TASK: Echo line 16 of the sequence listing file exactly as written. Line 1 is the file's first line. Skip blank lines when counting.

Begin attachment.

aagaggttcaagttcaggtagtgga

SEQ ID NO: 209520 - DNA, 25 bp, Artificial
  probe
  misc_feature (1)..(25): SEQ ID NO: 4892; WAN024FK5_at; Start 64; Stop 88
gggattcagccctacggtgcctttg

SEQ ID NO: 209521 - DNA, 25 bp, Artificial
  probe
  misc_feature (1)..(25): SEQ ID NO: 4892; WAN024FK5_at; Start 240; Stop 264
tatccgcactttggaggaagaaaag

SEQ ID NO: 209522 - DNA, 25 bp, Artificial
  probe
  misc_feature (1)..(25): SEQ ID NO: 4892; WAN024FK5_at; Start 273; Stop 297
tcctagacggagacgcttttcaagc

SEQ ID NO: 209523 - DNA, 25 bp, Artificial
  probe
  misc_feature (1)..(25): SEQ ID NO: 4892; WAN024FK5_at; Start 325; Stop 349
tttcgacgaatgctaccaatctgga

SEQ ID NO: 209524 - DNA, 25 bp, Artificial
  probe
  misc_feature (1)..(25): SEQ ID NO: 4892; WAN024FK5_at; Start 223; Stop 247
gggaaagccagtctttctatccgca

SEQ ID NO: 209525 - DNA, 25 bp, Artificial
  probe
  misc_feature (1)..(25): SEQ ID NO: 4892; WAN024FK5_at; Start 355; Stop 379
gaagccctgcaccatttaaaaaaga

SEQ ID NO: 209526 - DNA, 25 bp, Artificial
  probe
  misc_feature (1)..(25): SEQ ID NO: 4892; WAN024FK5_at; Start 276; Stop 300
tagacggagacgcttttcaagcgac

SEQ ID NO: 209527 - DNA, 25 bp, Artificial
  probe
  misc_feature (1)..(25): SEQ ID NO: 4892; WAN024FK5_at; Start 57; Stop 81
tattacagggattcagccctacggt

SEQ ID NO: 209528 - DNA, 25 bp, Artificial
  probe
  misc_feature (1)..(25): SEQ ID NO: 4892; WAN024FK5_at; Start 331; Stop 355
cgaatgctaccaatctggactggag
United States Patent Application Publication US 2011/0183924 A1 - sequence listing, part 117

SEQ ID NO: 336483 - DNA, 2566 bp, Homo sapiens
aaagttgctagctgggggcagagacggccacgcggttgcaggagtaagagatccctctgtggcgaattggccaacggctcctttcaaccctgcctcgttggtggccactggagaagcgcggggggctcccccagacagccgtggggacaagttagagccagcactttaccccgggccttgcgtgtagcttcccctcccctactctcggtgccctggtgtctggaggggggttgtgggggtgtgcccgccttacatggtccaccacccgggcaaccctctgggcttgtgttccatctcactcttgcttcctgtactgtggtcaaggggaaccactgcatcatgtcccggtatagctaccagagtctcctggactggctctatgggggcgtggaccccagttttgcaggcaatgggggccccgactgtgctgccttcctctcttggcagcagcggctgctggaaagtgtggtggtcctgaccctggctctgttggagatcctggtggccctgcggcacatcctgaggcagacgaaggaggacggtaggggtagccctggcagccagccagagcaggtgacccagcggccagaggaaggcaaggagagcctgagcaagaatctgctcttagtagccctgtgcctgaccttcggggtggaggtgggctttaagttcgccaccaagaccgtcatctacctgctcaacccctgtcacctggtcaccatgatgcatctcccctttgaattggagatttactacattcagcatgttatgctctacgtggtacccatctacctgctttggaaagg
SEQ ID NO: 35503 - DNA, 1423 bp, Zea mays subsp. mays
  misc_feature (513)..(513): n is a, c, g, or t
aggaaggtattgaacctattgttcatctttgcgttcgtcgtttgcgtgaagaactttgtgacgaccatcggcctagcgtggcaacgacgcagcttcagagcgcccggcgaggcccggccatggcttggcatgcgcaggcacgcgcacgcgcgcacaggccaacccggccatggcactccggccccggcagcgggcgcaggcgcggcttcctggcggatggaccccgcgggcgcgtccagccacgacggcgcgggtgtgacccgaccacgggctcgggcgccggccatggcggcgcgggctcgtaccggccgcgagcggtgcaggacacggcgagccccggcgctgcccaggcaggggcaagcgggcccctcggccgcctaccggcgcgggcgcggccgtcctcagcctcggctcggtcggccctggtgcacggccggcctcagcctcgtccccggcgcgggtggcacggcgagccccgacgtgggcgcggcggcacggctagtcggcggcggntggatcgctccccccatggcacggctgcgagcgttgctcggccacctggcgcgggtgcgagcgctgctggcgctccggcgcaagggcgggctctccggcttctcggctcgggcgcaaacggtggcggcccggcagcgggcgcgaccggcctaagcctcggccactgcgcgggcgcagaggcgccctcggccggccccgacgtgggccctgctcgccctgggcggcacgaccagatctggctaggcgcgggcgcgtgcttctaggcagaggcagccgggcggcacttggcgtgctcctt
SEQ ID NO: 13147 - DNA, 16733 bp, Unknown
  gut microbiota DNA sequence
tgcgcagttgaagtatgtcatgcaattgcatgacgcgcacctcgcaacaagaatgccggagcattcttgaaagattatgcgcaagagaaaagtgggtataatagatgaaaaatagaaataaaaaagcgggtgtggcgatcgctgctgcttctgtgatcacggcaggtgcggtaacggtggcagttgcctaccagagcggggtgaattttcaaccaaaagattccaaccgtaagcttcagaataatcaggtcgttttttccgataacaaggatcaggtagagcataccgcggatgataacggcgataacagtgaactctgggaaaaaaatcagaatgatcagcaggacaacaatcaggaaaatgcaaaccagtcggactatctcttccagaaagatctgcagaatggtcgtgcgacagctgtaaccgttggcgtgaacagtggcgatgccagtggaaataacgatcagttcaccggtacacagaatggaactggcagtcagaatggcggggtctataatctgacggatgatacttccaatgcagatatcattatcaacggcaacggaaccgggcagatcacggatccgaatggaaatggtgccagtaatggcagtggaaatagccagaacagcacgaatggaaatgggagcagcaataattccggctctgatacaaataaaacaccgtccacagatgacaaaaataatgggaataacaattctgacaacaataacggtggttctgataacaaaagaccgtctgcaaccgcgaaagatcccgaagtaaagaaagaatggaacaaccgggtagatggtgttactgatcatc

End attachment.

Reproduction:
  misc_feature (1)..(25): SEQ ID NO: 4892; WAN024FK5_at; Start 325; Stop 349